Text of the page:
Torah Portion: Naso  Numbers 4:22-7:89

HafTorah: Judges 13:2-25

Let us start with a discussion of the two questions I sent out. First lets look at the gifts brought by the Princes of each tribe. In Numbers 7:1-4 we see where six covered carts, led by 12 oxen, were brought before the L-rd.  That means there were two princes for each cart and an ox for each man. Then each prince brought their own gifts but their gifts were identical. Why was each gift listed over and over if they were identical? I think the carts were a good example of cooperation between the leaders. They represented the people and this showed that the people were one before G-d.

Now to the gifts: Why list each one? The Torah is usually stingy with words so why go over and over the same thing ? I think it shows that even though we are all one before G-d, we are unique. Each man brought the same thing but they were individuals with their own thoughts and ideas which contributed to the whole. Like us, as part of the body we each come to G-d the same way but we are unique in our gifts and talents and each of us has a unique purpose before G-d.

Now to the jealous husband discussed in Numbers chapter 5: To whom can he be compared spiritually? G-d said He is a jealous G-d. We as His children sometime have to drink the bitter waters of pain and suffering brought on by our own actions. But the point of that pain and suffering is to bring us back to the Father, to our Husband, and restore the broken relationship. He will not let us walk away without bringing correction into our lives. By this we know He loves us.

Now to get to some other spiritual matters in this Torah portion:  In Chapter 5:5-10 we read about people who sin against someone. These seem to be sins of theft or slander. What they are isn’t as important as the process of how to fix them. First the Hebrew really states that the person feels guilt.  This is not just a fact but it is an emotion that moves the person to act. He feels remorse for what has happened. This remorse moves the person to repent and then confess the sin out loud to the wronged party. But more importantly to confess the sin before G-d. In I John 1:9 the Greek word used here literally means to say the same thing. What does that mean. We agree with G-d about the wrongness of what we have done. Numbers 5:6 says when we sin it offends G-d as well as harming someone else. We have shown unfaithfulness toward the Father and that moves us to confess. Then the sinner makes restitution to the person against whom they have sinned plus interest. This may be as a deterrent to sin in the first place. We must pay and pay more than any benefit we thought we would have received from the act.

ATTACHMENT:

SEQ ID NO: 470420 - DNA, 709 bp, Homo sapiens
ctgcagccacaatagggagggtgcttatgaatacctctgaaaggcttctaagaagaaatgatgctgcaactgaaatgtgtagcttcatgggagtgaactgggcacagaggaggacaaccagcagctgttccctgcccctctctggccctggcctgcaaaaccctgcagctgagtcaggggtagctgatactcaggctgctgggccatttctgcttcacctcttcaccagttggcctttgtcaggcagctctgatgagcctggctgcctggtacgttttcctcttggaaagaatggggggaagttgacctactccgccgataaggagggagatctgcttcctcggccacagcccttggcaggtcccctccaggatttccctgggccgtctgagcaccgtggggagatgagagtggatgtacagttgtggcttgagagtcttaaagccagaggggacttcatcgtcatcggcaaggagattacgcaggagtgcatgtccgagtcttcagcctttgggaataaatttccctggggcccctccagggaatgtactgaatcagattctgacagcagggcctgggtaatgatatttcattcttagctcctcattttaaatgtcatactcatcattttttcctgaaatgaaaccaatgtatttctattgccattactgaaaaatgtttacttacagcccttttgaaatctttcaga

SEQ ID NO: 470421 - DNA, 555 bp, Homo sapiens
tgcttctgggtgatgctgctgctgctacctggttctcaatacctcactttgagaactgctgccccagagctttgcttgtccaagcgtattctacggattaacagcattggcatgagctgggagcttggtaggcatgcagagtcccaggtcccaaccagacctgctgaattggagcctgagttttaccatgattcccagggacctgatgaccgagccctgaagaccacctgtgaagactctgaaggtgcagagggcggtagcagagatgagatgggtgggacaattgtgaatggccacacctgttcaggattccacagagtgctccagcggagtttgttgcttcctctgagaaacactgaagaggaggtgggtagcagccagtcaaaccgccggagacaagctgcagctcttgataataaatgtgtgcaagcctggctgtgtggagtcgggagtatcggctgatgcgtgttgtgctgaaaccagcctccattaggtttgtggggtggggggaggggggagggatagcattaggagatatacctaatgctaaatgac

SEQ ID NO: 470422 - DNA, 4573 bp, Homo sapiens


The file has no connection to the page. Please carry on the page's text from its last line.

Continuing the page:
I will skip over the charge of unfaithfulness since we talked about it in the beginning and go on to the Nazirite vow. First, who do we know from the New Testament who was probably a Nazirite? Read Luke 1:15. John the Baptist was probably a Nazirite.  In Numbers 6:2 we read that  a person does this to consecrate himself to the L-rd. The word for consecrate most  commonly is used to  describe an act that can only be done with the help of G-d, such as the miracle of Samson’s great strength.  The purpose is always for the glory of G-d.

Let us finish with Numbers 6:24-27 which is commonly know as the Aaronic blessing. 

A G-d who keeps. John 10:29 no one can snatch us from G-d’s hands

A G-d who is gracious. Unconditional forgiveness. Hosea and Gomer. G-d grants forgiveness freely. Eph. 1:7-8

A G-d who grants peace. Wholeness of life. Philippians 4:7

And we bear His name.

All these should be a comfort to us as G-d’s people, He keeps us, He is gracious toward us, and He gives us wholeness of life.